How Do Optical Lenses Work?


Quick Answer

Optical lenses use the principle of refraction to focus light rays or disperse them. Refraction is the bending of a ray of light when it moves between media of different densities at an angle.

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Optical lenses have a higher density than the air that surrounds them. When light travels from air to the denser medium of the lens, it bends and either focuses on the other side of the lens or disperses, depending on the shape of the lens. Lenses which cause light to focus on one point are called converging lenses. The focal length of the lens is the distance between the center of the lens and the point where the light focuses. Lenses which cause parallel light rays to diverge are called diverging lenses. The focal length of any lens is directly proportional to the radius of curvature of the lens. A flatter lens has less of a curve and therefore a higher radius and higher focal length and can focus light at a greater distance.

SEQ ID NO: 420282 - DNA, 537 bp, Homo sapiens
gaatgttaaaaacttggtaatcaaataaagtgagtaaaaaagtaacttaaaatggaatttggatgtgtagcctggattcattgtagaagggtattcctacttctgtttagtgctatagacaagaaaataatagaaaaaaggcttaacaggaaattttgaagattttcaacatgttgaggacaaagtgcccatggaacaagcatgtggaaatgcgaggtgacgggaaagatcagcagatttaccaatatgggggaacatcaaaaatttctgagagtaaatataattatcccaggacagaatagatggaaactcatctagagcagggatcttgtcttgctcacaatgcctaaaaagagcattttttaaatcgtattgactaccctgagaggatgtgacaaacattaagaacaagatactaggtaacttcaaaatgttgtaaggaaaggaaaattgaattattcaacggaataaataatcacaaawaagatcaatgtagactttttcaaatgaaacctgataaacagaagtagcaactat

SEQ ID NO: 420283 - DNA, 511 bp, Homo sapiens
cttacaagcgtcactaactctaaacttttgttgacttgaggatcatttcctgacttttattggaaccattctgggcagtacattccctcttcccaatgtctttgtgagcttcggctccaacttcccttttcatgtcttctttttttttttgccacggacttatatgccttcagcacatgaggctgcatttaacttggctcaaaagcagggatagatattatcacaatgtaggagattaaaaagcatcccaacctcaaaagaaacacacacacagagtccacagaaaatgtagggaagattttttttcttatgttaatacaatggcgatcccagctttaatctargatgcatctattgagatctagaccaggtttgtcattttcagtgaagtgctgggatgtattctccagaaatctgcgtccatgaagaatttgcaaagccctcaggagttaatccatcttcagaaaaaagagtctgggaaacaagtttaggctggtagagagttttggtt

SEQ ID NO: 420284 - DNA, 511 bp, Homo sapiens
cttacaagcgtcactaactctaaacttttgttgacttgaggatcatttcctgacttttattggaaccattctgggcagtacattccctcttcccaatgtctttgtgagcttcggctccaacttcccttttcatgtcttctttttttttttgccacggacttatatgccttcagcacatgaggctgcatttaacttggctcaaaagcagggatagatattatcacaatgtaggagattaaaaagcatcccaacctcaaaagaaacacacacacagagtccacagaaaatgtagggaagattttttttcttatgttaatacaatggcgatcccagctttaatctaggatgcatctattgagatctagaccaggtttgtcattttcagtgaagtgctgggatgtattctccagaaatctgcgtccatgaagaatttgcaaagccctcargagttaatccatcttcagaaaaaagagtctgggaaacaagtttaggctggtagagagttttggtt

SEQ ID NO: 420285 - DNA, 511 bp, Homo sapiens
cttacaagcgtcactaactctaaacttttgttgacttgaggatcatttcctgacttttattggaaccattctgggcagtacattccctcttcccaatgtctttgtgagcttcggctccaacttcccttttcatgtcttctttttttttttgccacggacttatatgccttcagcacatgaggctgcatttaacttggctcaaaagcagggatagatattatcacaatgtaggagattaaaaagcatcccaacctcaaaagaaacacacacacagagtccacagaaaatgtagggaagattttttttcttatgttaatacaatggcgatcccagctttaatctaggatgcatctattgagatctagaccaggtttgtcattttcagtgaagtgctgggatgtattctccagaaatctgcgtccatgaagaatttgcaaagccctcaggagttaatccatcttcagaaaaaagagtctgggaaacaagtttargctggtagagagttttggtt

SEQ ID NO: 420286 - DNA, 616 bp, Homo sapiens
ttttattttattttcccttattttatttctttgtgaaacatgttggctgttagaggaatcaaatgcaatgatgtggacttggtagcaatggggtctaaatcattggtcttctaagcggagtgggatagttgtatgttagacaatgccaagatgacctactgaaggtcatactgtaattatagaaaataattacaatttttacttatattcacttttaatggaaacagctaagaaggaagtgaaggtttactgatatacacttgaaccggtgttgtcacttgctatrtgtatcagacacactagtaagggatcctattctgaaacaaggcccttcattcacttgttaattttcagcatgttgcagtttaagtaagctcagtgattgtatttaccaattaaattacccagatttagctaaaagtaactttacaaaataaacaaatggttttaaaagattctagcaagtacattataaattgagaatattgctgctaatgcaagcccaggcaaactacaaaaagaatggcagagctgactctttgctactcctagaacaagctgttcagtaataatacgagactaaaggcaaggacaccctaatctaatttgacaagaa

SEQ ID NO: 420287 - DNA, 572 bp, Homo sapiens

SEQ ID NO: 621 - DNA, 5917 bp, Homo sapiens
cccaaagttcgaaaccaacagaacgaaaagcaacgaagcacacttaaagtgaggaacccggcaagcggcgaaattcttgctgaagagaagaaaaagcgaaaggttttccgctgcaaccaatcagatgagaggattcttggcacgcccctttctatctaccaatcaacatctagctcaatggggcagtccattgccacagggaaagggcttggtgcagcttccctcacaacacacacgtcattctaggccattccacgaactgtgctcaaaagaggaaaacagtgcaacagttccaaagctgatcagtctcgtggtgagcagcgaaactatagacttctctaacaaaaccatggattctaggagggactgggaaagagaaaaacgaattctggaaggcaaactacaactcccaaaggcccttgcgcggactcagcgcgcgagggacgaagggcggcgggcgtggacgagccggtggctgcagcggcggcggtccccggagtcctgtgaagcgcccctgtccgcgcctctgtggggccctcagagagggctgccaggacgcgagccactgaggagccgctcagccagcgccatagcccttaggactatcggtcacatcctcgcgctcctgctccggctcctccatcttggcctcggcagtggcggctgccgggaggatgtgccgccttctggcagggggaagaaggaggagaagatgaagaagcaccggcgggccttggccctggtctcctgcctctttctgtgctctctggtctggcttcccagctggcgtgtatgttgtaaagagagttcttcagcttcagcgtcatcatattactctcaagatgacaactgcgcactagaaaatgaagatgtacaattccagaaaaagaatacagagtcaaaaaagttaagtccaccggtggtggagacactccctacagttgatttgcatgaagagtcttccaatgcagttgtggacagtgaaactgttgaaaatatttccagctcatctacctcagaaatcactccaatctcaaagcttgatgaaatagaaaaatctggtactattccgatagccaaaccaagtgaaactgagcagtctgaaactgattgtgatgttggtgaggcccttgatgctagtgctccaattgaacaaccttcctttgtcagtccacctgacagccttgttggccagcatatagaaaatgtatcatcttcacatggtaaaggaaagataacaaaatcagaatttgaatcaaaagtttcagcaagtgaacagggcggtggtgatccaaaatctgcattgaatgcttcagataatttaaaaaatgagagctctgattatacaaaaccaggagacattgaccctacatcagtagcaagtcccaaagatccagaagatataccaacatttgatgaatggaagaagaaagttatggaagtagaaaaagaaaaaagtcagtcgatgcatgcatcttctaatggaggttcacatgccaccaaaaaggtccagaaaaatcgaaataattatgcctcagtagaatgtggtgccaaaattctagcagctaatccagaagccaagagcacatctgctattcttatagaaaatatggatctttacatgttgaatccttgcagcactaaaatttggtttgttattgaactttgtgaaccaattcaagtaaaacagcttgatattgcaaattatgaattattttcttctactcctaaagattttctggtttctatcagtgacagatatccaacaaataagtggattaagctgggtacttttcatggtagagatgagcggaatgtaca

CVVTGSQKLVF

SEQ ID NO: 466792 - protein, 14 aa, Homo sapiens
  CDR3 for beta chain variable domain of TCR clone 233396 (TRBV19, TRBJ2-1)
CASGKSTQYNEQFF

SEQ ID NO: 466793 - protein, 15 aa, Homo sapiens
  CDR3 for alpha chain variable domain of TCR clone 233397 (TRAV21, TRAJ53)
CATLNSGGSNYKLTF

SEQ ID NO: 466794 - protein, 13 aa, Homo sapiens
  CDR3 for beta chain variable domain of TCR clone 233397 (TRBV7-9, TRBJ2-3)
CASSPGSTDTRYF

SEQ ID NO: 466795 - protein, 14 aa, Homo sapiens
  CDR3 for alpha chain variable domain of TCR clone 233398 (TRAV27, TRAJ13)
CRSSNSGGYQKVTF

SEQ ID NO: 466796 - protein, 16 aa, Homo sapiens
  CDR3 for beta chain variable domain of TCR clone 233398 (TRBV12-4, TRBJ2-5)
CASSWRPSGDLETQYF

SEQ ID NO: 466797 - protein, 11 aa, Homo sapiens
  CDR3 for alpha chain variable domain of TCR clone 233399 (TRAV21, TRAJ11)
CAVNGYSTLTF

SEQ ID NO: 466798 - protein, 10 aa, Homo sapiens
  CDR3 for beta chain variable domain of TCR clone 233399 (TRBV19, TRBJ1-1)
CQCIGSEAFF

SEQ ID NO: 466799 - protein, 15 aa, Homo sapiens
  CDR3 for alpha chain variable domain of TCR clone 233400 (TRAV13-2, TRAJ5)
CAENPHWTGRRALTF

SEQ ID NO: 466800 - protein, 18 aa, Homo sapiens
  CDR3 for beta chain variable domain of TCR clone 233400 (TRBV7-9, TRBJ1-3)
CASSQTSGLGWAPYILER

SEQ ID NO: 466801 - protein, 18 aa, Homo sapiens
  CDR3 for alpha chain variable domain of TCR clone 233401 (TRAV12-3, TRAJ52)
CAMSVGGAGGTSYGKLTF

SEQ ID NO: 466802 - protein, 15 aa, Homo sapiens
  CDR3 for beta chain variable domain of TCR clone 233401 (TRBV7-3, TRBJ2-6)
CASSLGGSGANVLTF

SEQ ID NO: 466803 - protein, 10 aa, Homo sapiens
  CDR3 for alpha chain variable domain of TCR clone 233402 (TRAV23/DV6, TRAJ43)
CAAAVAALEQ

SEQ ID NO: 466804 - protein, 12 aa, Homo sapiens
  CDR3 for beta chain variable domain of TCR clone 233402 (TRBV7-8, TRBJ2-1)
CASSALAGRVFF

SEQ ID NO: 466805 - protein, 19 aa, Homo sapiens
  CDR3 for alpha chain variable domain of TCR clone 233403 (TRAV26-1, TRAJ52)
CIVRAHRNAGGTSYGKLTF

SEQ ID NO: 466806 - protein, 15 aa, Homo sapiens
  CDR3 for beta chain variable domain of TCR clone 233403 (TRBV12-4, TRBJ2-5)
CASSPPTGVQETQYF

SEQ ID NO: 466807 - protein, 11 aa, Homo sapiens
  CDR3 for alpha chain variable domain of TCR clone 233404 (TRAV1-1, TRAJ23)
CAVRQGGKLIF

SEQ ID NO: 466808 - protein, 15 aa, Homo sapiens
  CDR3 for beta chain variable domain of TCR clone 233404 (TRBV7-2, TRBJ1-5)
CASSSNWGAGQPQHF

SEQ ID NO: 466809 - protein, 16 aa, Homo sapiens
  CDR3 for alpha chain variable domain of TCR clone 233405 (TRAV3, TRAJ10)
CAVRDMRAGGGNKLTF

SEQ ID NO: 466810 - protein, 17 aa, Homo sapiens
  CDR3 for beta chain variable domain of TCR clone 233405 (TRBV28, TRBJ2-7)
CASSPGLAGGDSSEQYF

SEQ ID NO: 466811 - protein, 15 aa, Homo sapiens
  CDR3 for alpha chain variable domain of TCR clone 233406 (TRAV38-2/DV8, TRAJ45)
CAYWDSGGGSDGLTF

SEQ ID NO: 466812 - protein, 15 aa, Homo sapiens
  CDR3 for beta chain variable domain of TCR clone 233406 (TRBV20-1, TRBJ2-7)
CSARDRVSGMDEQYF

The lens of the human eye is designed to converge light onto the retina. The focal length of the eye lens can be changed by the muscles that control it. The focal length is increased when the muscles flatten the lens. This allows for visualization of distant objects. The focal length is decreased when the lens is more curved and this allows humans to see objects that are near. Contact lenses or eye glasses are typically worn when the lens of the eye is not able to focus the images on the retina correctly, because they are focused either behind or in front of the retina. This requires an additional lens to refract the light correctly.

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